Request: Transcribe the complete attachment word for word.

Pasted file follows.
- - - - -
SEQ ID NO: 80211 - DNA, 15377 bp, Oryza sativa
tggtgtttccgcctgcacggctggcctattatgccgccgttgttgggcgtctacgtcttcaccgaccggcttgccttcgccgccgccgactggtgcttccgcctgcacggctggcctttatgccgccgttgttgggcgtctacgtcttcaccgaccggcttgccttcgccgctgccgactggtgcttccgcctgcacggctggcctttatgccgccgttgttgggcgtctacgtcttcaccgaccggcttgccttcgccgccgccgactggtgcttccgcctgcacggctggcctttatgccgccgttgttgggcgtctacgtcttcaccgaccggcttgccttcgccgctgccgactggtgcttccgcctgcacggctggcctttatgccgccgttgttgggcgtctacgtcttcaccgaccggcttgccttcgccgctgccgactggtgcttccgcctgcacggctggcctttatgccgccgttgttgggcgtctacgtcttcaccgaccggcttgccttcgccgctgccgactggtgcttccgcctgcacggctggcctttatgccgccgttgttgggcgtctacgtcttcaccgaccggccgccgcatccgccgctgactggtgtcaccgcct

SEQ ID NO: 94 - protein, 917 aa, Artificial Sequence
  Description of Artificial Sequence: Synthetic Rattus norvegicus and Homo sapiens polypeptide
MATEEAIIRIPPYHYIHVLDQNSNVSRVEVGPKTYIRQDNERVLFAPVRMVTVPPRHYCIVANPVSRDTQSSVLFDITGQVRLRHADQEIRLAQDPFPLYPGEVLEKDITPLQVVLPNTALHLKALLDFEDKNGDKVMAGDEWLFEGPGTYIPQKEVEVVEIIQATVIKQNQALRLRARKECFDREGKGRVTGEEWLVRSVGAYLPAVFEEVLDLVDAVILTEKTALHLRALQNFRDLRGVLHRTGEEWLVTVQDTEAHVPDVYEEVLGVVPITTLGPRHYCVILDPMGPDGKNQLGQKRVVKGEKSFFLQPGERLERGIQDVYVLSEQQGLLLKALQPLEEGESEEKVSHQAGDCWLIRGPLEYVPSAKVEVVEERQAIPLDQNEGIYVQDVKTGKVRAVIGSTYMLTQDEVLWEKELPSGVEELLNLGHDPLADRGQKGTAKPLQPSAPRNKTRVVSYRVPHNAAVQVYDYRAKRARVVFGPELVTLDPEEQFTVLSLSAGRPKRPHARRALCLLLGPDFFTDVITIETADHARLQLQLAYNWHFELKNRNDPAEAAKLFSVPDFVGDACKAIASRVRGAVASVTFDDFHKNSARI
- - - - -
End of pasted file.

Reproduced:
SEQ ID NO: 80211 - DNA, 15377 bp, Oryza sativa
tggtgtttccgcctgcacggctggcctattatgccgccgttgttgggcgtctacgtcttcaccgaccggcttgccttcgccgccgccgactggtgcttccgcctgcacggctggcctttatgccgccgttgttgggcgtctacgtcttcaccgaccggcttgccttcgccgctgccgactggtgcttccgcctgcacggctggcctttatgccgccgttgttgggcgtctacgtcttcaccgaccggcttgccttcgccgccgccgactggtgcttccgcctgcacggctggcctttatgccgccgttgttgggcgtctacgtcttcaccgaccggcttgccttcgccgctgccgactggtgcttccgcctgcacggctggcctttatgccgccgttgttgggcgtctacgtcttcaccgaccggcttgccttcgccgctgccgactggtgcttccgcctgcacggctggcctttatgccgccgttgttgggcgtctacgtcttcaccgaccggcttgccttcgccgctgccgactggtgcttccgcctgcacggctggcctttatgccgccgttgttgggcgtctacgtcttcaccgaccggccgccgcatccgccgctgactggtgtcaccgcct

SEQ ID NO: 94 - protein, 917 aa, Artificial Sequence
  Description of Artificial Sequence: Synthetic Rattus norvegicus and Homo sapiens polypeptide
MATEEAIIRIPPYHYIHVLDQNSNVSRVEVGPKTYIRQDNERVLFAPVRMVTVPPRHYCIVANPVSRDTQSSVLFDITGQVRLRHADQEIRLAQDPFPLYPGEVLEKDITPLQVVLPNTALHLKALLDFEDKNGDKVMAGDEWLFEGPGTYIPQKEVEVVEIIQATVIKQNQALRLRARKECFDREGKGRVTGEEWLVRSVGAYLPAVFEEVLDLVDAVILTEKTALHLRALQNFRDLRGVLHRTGEEWLVTVQDTEAHVPDVYEEVLGVVPITTLGPRHYCVILDPMGPDGKNQLGQKRVVKGEKSFFLQPGERLERGIQDVYVLSEQQGLLLKALQPLEEGESEEKVSHQAGDCWLIRGPLEYVPSAKVEVVEERQAIPLDQNEGIYVQDVKTGKVRAVIGSTYMLTQDEVLWEKELPSGVEELLNLGHDPLADRGQKGTAKPLQPSAPRNKTRVVSYRVPHNAAVQVYDYRAKRARVVFGPELVTLDPEEQFTVLSLSAGRPKRPHARRALCLLLGPDFFTDVITIETADHARLQLQLAYNWHFELKNRNDPAEAAKLFSVPDFVGDACKAIASRVRGAVASVTFDDFHKNSARI